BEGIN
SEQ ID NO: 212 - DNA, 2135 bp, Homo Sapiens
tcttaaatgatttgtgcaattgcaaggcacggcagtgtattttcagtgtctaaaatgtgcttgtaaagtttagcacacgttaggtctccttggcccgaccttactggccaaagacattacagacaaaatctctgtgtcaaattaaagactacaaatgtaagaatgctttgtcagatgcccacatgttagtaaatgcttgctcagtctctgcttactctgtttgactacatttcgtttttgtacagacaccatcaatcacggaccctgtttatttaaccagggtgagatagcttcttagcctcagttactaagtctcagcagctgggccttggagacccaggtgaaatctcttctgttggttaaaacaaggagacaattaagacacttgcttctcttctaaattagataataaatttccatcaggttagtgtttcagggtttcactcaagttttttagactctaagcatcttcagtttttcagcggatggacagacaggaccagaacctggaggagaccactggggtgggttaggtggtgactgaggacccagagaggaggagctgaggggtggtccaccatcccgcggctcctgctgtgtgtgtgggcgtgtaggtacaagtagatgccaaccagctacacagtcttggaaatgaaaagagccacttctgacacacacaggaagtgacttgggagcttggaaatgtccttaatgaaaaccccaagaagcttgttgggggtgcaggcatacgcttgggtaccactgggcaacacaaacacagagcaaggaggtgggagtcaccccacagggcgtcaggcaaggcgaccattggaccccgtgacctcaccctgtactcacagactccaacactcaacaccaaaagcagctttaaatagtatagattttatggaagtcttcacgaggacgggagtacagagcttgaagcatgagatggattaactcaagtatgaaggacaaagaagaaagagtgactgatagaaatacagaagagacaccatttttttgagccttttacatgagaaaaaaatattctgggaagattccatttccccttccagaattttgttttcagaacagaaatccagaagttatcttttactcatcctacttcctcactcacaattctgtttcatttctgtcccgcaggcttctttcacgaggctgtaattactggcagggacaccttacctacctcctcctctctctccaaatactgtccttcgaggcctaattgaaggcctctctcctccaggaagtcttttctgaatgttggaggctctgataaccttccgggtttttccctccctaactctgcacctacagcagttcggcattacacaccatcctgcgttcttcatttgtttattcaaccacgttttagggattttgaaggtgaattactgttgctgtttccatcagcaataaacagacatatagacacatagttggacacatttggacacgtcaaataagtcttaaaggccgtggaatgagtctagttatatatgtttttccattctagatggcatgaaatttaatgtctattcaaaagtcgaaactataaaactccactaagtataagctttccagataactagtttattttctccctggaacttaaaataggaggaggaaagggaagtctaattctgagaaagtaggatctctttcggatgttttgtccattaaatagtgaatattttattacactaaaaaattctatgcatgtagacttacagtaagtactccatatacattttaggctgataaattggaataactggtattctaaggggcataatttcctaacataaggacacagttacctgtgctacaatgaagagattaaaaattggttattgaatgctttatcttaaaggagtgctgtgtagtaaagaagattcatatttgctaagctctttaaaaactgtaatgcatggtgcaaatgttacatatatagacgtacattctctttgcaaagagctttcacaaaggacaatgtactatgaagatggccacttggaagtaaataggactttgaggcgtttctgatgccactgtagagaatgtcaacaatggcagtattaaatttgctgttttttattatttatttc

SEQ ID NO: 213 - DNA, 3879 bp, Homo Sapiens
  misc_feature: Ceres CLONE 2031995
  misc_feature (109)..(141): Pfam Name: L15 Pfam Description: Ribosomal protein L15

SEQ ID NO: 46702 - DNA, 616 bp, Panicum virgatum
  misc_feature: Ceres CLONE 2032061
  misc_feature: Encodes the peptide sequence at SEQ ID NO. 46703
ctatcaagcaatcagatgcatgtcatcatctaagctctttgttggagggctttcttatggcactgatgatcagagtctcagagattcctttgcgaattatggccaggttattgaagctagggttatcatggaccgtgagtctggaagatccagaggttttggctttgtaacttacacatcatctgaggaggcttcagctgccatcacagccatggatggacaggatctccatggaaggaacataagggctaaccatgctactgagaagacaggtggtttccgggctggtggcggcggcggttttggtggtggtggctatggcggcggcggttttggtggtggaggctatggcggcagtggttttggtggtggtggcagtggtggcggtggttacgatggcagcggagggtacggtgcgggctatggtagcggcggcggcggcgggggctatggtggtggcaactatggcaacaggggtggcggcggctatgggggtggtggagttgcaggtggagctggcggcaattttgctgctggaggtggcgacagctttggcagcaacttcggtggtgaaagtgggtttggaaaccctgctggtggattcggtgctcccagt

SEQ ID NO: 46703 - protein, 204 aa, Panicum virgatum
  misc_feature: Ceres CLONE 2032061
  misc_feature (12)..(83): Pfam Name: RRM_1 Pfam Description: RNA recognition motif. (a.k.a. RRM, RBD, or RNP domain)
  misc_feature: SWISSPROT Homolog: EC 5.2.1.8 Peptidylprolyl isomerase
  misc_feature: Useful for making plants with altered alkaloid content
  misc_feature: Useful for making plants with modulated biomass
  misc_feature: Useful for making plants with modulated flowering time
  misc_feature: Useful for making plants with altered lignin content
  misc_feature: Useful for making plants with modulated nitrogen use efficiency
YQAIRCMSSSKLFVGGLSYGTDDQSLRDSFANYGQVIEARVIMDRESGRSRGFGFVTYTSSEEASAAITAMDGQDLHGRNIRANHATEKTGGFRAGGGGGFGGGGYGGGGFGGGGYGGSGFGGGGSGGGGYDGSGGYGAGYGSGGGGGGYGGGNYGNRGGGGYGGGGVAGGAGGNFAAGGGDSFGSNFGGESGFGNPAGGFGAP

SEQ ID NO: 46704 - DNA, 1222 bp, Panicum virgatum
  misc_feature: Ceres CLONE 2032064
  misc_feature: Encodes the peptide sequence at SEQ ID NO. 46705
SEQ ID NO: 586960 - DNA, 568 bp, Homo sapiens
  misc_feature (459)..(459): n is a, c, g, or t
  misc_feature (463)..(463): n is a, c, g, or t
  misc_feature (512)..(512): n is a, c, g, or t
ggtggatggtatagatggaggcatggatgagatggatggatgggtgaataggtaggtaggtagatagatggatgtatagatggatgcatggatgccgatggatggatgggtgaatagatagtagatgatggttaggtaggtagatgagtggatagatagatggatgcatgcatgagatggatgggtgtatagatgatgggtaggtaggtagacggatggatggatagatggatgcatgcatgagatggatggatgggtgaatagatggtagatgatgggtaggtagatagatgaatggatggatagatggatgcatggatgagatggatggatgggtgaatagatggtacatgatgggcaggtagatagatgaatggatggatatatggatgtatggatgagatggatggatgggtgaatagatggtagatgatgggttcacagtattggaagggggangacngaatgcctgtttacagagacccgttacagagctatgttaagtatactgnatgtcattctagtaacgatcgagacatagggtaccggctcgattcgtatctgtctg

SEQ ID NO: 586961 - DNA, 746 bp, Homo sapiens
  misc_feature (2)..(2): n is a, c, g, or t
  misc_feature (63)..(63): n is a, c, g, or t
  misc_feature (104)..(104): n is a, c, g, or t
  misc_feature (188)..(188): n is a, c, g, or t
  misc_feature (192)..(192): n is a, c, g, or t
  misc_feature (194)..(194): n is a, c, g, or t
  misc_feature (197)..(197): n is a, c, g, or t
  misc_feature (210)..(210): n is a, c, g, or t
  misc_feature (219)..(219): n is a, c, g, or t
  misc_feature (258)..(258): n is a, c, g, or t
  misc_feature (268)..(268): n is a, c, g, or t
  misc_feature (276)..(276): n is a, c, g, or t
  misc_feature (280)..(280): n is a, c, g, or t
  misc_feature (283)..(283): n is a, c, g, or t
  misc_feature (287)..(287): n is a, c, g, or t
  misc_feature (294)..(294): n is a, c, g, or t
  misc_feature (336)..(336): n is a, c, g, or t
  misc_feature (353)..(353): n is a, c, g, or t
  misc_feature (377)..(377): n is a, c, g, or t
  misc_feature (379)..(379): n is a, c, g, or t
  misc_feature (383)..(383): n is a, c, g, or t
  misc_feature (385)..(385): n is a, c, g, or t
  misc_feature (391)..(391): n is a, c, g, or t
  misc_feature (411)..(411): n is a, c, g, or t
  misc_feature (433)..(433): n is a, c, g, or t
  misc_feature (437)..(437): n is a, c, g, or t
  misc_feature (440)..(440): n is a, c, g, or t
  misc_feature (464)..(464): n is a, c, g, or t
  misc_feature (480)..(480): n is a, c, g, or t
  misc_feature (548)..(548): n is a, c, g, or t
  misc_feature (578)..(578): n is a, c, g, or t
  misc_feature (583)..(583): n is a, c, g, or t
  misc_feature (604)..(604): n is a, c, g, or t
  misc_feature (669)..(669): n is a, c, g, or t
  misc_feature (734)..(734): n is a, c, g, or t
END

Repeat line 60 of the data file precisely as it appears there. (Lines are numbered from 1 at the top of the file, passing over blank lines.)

  misc_feature (583)..(583): n is a, c, g, or t